Fulvue Drive-In.com
Current Reviews
In Stores Soon
 
In Stores Now
 
DVD Reviews, SACD Reviews Essays Interviews Contact Us Meet the Staff
An Explanation of Our Rating System Search  
Category:    Home > Reviews > Mystery > Suspense > Horror > Anthology > Christopher Lee – Edgar Allen Poe’s “Tales Of Mystery & Imagination” (TV Series)

Christopher Lee – Edgar Allen Poe’s “Tales Of Mystery & Imagination” (TV Series)

 

Picture: C+     Sound: C+     Extras: D     Episodes: B+

 

 

Many do not realize that Edgar Allen Poe remains the most successful American writer ever.  Sure, his work has been around for a while, but the consistent reading, celebration and adaptation of his work is one of the most enduring legacies in all of art and literature.  So many films have been made, and even The Alan Parsons’ Project did an album called Tales Of Mystery & Imagination (their first) that offered remarkable interpretations of their work.  That happens to be the name of a 1995 TV series hosted by no less than Christopher Lee.

 

Not broadcast much (if at all in many cases) for legal and other reasons best left to another essay, the show offered the following adaptations:

 

  1. The Fall Of The House Of Usher
  2. The Oval Portrait
  3. Berenice
  4. The Black Cat (Guest stars Susan George)
  5. Ligeia
  6. The Cask Of Amontillado (Guest stars Freddie Jones & Catherine Schell)
  7. Mr. Valdemar
  8. The Tell-Tale Heart
  9. Morella
  10. The Pit & The Pendulum (Guest stars Danny Keogh & Alan Granville)
  11. The Masque Of The Red Death, Parts One & Two
  12.  Biographical Portrait (with James Ryan as Poe)

 

 

Lee even stars in the two-part show.  Adapted mainly by Hugh Whysall, each show runs about a half-hour, which means it gets to the point and remarkably so.  At a time in the genres of Horror, Mystery and Suspense when everything is a joke, it is nice to see a serious ambitious series in the tradition of the great Horror TV of the 1960s and 1970s that could sometimes compete with feature films.  Lee is in his glory, doing a great job of hosting as he has for several documentaries and featurettes over the years.  The shows are up to the reputation of his name and it is a fine match.  I especially like how it makes the stories feel like they are happening in the now, no matter when they are set.  It understands how great an anthology series can be.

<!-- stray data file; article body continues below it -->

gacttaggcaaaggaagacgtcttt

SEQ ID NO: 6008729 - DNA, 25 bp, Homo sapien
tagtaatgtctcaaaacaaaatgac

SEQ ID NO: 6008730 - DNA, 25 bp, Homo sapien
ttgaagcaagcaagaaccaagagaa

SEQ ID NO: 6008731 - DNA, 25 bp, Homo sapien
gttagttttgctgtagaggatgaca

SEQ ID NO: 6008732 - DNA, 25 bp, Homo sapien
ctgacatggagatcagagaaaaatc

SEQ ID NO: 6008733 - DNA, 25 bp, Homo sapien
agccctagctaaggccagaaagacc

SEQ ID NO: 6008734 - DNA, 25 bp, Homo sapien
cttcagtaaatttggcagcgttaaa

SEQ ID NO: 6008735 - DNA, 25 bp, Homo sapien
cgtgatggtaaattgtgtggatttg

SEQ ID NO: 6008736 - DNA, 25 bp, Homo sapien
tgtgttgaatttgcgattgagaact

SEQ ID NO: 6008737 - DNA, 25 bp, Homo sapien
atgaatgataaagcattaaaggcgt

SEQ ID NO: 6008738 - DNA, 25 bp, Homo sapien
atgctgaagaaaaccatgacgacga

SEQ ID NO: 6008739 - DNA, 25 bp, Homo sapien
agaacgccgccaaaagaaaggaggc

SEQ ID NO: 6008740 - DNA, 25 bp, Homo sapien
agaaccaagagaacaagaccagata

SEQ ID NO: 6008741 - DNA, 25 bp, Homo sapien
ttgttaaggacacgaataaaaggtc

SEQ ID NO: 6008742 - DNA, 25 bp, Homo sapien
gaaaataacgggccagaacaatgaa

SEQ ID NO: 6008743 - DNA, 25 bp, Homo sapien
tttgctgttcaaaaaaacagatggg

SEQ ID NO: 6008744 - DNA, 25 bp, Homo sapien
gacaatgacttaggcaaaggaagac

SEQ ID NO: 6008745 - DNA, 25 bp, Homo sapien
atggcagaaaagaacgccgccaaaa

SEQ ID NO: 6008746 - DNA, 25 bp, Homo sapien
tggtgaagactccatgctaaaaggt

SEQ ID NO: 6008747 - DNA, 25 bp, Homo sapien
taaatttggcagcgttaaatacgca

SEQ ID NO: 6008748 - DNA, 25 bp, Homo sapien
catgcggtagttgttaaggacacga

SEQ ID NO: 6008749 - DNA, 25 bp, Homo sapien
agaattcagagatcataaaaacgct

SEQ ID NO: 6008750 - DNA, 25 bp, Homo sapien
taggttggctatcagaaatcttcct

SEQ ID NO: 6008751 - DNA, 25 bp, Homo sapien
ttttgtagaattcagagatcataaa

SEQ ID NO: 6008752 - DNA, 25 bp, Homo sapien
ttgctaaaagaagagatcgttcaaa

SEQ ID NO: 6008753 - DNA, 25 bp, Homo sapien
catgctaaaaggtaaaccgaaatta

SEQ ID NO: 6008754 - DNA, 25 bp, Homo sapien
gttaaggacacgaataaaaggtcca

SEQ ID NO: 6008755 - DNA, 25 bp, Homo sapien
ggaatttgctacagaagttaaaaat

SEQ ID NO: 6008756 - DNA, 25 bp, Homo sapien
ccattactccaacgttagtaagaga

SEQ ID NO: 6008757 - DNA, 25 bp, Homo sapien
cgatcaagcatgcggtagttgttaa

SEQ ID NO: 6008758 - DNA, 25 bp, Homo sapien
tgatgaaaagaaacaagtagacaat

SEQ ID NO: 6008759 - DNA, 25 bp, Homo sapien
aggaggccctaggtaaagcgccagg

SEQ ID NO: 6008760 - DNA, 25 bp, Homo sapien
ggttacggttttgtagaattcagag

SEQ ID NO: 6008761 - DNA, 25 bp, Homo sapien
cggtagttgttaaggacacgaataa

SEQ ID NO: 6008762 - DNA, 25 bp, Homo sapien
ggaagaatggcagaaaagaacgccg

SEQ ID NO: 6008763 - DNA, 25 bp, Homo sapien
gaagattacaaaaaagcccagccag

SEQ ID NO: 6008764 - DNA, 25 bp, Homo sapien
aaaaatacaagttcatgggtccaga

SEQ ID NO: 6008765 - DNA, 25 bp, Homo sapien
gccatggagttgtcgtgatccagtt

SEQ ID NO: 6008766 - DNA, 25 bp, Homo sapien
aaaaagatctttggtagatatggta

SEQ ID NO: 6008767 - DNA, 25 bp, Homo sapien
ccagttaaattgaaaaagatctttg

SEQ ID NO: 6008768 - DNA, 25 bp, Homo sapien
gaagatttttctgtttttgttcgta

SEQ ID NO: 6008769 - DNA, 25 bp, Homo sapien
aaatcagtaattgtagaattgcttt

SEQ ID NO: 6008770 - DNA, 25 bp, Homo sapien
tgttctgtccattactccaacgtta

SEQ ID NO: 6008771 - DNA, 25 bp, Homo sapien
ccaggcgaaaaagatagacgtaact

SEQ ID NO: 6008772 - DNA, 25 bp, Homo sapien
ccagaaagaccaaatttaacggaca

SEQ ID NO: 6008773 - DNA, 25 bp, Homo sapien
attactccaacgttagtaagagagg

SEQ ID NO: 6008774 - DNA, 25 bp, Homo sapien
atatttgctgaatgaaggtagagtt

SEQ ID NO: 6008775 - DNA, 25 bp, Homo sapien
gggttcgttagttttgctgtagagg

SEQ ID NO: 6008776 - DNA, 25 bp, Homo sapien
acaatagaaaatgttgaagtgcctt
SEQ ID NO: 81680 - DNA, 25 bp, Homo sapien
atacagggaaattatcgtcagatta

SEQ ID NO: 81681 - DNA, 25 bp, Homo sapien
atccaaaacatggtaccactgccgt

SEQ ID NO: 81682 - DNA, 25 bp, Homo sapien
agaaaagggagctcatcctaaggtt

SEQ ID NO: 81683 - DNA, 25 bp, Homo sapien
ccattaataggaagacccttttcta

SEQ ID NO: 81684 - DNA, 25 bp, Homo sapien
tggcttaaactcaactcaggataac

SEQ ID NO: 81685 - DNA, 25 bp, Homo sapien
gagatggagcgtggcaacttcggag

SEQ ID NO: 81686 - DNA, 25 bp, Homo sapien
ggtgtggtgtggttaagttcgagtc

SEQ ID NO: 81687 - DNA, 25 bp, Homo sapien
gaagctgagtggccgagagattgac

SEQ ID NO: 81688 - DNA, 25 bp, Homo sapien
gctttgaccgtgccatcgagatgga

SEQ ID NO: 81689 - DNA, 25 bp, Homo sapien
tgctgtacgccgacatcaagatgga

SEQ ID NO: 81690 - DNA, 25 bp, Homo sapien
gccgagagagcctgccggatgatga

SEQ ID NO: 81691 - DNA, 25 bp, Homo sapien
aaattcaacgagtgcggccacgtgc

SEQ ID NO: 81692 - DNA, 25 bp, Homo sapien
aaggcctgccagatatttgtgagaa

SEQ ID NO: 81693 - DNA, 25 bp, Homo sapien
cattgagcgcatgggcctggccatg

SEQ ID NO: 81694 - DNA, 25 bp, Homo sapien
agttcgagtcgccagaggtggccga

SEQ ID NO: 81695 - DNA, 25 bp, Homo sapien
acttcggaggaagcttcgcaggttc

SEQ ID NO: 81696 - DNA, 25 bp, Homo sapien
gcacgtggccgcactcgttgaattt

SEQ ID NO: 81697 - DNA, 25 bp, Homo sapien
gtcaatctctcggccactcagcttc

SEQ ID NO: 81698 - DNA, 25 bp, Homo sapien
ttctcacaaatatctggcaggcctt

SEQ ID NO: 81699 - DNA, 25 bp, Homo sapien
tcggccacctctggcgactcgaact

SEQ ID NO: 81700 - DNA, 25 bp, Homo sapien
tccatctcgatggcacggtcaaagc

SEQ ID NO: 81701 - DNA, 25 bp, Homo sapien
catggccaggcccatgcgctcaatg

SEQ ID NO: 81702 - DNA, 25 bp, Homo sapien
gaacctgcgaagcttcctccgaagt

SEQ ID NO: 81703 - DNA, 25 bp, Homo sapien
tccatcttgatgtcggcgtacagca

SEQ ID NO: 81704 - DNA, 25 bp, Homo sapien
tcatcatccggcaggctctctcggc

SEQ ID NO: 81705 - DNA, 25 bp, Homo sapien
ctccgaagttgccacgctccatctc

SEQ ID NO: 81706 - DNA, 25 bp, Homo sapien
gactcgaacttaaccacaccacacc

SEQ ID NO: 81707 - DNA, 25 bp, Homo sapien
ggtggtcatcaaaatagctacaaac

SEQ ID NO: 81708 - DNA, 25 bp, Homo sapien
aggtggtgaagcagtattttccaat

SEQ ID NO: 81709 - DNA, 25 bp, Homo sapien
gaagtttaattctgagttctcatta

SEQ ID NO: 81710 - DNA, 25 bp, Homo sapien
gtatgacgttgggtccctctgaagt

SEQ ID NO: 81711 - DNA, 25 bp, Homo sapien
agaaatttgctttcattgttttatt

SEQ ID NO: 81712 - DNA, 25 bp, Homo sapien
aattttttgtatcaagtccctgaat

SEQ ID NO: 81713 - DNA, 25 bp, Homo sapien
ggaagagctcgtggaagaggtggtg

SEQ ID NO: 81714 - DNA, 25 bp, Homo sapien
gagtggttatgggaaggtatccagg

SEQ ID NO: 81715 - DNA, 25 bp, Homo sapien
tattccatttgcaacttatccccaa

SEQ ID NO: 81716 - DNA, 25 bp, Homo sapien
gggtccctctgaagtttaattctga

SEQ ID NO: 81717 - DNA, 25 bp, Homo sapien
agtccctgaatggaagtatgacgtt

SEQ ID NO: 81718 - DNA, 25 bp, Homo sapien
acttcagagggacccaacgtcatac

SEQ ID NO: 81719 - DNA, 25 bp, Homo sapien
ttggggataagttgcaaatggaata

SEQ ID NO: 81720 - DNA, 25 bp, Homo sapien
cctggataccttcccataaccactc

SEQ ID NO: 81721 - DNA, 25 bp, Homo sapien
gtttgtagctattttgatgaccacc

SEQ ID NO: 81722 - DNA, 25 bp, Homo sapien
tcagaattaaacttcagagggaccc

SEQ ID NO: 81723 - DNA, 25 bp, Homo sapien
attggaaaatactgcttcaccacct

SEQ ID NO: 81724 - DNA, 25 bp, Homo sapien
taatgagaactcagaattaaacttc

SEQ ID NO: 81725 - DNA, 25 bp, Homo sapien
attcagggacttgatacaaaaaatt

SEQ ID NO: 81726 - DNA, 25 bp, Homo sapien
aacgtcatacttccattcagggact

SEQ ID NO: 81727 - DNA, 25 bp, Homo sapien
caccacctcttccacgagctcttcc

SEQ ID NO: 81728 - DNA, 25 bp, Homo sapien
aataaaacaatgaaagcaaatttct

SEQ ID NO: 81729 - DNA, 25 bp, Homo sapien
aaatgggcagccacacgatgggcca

The 1.33 X 1 image was shot on in professional analog videotape, stylized like Roald Dahl’s Tales Of The Unexpected (several volumes reviewed elsewhere on this site) and some lack of fidelity is really attributable to that factor.  However, this is not shot as clearly in its stylization, but is still effective.  As you keep watching, you realize more and more than not only is that the case, but that the show has a unique look among all such productions.  The Dolby Digital 2.0 Stereo is simple and not bad for its age, with the combination effective.  Cheers to for the Terry Dempsey/Doug Campbell score.  Dempsey is also a producer on the show.

 

There are no extras except that the final episode of the series is on Poe, but the set is overall loaded with these remarkable adaptations that do not trivialize the books or do comic takeoffs.  The latter can work, but this is a one-of-a-kind version long overdue for recognition and all the actors are well cast and effective.  It may also be the last of an era of videotaped analog productions of high quality we have yet to see happen in the High Definition age.  This version of Tales Of Mystery & Imagination is a gem that might be the most underrated TV series of the 1990s.  Don’t miss it!

 

 

-   Nicholas Sheffo


Marketplace

 Copyright © MMIII through MMX fulvuedrive-in.com